Here's the truth: I have a really hard time sitting down and writing. Despite the fact that I have had periods of genuine rhythm and productivity the fact of the matter is that I have a bit of a magpie mind. In the best moments this means finding connections between surprising things and, if I'm really lucky, getting them down on paper to share with other readers. Usually, though, it means that I leap from one shiny idea to another...and get lost along the way. What I mean, of course, is that mostly I get distracted by the internet, find I've been on social media or following news stories from one site to another for longer that I like to admit. I've lost the thread, I'm tired from looking at the screen, and it is easier to turn my attention to the more definitive writing tasks: email and lecture writing.* Responding to emails, writing emails with specific requests or communication, writing a fifty or ninety minute lecture--these are all writing tasks that, for me, are definitive and thus easier to complete in a reasonable amount of time. And, like the actual classroom lecture, there is a real sense of accomplishment when I finish writing a week's lecture or respond to fifteen emails. Work has been accomplished.
But writing is also work I want to do, and now that I am comfortable with writing lectures, writing is the work that keeps me up at night thinking about doing it, and fretting that I'm not doing it enough/at all. That's the research writing that Aimée talked about last week. Its not as though I can't write. After all, I completed a MA thesis, a Phd dissertation, and I have written articles, blog posts, and book reviews. So what's the issue? How do I settle my attention and sit down to write for myself? That's the question that was in the back of my mind as I was rereading Eileen Myles's Inferno (A Poet's Novel) for inspiration. Have you read it? It is a portrait of a person becoming a poet, becoming, as Myles says in one chapter, a human. The prose is lilting, jarring, and utterly poetic. It is, on the one hand, a portrait of the artist becoming, and on the other a lesson in attention. Take this paragraph:
Performance has always been at the heart of my work. I went to Milton, New York in 1975 to acquire the first six pages of what you are reading....No one asked me to have a life like this, to be a poet. It was my idea. I mean and I would definitely say poetry is a very roundabout way to unite both work and time. A poet is a person with a very short attention span who actually decides to study it. To look at it. To draw that short thing out....I'm going to talk a little about theatre and performance now, but the subject of [this book] is really just all that time. How this poet spent it. Performance is spending. And it's always a huge loss. One good heartbreak can speed the whole thing up. Most of us have plenty of that. But we don't even really need it. Just look at the day. Going, going, going. Nothing but loss. That's life, and obviously that's performance.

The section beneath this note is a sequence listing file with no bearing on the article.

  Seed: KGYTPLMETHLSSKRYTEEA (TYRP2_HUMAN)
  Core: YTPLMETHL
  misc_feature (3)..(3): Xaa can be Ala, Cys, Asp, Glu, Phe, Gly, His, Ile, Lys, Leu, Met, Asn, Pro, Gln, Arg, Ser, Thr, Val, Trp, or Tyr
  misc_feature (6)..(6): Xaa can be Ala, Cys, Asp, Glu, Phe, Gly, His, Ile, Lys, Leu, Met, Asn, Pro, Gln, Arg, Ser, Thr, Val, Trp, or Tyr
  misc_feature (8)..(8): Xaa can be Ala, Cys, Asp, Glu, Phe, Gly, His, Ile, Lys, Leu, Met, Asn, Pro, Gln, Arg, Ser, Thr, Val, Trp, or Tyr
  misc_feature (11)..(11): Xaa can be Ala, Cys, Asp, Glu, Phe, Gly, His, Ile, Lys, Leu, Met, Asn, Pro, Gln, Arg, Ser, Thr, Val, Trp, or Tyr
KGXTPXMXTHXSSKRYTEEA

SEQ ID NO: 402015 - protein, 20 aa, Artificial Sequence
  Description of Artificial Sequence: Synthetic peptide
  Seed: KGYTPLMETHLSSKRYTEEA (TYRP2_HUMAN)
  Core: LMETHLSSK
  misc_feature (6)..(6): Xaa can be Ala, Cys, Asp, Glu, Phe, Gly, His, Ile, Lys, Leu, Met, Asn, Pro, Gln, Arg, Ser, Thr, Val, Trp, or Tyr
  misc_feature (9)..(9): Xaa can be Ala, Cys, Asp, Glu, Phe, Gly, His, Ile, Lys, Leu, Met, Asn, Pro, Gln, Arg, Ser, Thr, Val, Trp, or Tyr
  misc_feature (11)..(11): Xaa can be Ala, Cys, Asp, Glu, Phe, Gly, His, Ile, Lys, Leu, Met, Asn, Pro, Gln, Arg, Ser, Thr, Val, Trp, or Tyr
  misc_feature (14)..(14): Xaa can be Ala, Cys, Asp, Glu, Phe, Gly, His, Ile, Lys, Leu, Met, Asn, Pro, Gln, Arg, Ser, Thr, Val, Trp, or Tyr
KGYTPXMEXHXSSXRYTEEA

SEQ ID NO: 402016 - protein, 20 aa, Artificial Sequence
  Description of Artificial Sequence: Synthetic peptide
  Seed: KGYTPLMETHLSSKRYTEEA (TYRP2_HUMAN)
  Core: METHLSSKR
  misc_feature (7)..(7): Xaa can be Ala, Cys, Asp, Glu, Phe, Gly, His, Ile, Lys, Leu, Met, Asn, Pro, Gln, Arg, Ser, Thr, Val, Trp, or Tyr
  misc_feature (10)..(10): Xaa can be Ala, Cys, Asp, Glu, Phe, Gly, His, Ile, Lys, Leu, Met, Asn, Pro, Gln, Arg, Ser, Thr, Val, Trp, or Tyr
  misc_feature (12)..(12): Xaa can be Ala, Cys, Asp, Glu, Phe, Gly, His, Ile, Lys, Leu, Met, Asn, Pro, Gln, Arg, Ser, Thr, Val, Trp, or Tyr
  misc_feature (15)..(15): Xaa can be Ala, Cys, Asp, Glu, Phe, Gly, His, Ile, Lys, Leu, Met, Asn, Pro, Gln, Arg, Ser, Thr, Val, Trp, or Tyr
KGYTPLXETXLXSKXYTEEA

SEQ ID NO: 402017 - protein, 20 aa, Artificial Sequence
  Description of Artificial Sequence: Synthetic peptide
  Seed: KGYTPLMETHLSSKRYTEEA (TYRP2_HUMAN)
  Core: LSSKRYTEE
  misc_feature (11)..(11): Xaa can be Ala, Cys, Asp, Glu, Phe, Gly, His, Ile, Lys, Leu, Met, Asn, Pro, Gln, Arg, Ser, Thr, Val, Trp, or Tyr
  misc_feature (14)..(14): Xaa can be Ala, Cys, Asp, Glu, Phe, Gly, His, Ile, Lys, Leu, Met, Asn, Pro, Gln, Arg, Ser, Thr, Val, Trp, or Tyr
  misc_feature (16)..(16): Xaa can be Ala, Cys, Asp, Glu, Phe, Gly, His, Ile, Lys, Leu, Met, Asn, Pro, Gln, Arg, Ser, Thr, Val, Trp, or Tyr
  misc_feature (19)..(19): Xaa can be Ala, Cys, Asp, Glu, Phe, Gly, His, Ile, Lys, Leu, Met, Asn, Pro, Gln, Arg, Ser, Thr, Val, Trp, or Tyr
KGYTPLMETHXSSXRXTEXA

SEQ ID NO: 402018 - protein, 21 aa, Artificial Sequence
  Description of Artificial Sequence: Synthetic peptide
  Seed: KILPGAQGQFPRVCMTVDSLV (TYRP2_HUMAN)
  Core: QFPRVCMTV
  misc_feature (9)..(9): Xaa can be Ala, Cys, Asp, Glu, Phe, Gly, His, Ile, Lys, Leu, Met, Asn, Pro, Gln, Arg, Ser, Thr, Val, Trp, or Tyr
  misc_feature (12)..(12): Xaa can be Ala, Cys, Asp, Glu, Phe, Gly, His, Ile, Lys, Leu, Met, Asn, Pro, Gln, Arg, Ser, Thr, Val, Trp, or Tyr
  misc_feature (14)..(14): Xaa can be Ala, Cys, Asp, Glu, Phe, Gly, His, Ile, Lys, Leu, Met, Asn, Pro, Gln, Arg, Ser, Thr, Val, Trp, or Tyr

To read this paragraph and stay with Myles you have to pay readerly attention--to the wordplay, to the tone of voice, to the tongue-in-cheek intertextuality. Performance is living is art is practice is production is the work. Get it? Every sentence in this paragraph looks at the question "what is poetry" and "what is a poet" from a different angle. But if we were to read without attention we might miss it. The book would still be good, it would still be a fast talking romp through New York in a particular moment. But without paying a particular attention we might miss the poetic structure of the thing.
What does this have to do with writing? Maybe nothing for you, but for me it is a reminder of two crucial things: I need to pay attention, and paying attention costs. "To draw the short thing out," as Myles writes, requires shelling out time, energy, and intellect. Refining and redefining a writing routine is part of the work. For Aimée that routine requires very early mornings. Melissa has found that stealing what is often thought of as wasted time can actually be incredibly productive time. As for me, I think I am going to need to impose those structural constraints that I realize class times had previously provided. I'm thinking that I will implement sacrosanct writing hours (thanks, Aimée!) and that when I am writing the phone and the wifi will both be turned off. I will also be looking for writing dates to keep myself on track. More than anything, I'll be working to pay attention. Whatever the cost, I think it will be worth it.
What about you? When you sit down to write, or refine your writing practices, what are some of your techniques for focussing your attention?
There's Inferno (A Poet's Novel) on the right. Angela Carr's incredible Here in There (BookThug, 2014) is a collection of poetry all about paying attention.
*When I first started teaching lecture writing was not an easy task. I would spend hours preparing for a single class, and much of that prep time wasn't useful. Like many Phd students I received little pedagogical training. I did take a course on pedagogy from the teaching and learning centre where I was studying, but the bulk of my fledgling knowledge about classroom management and lecture writing came from the one-on-one conversations I had with my mentors. Next week I will talk about some of that advice as well as show you how I write lectures.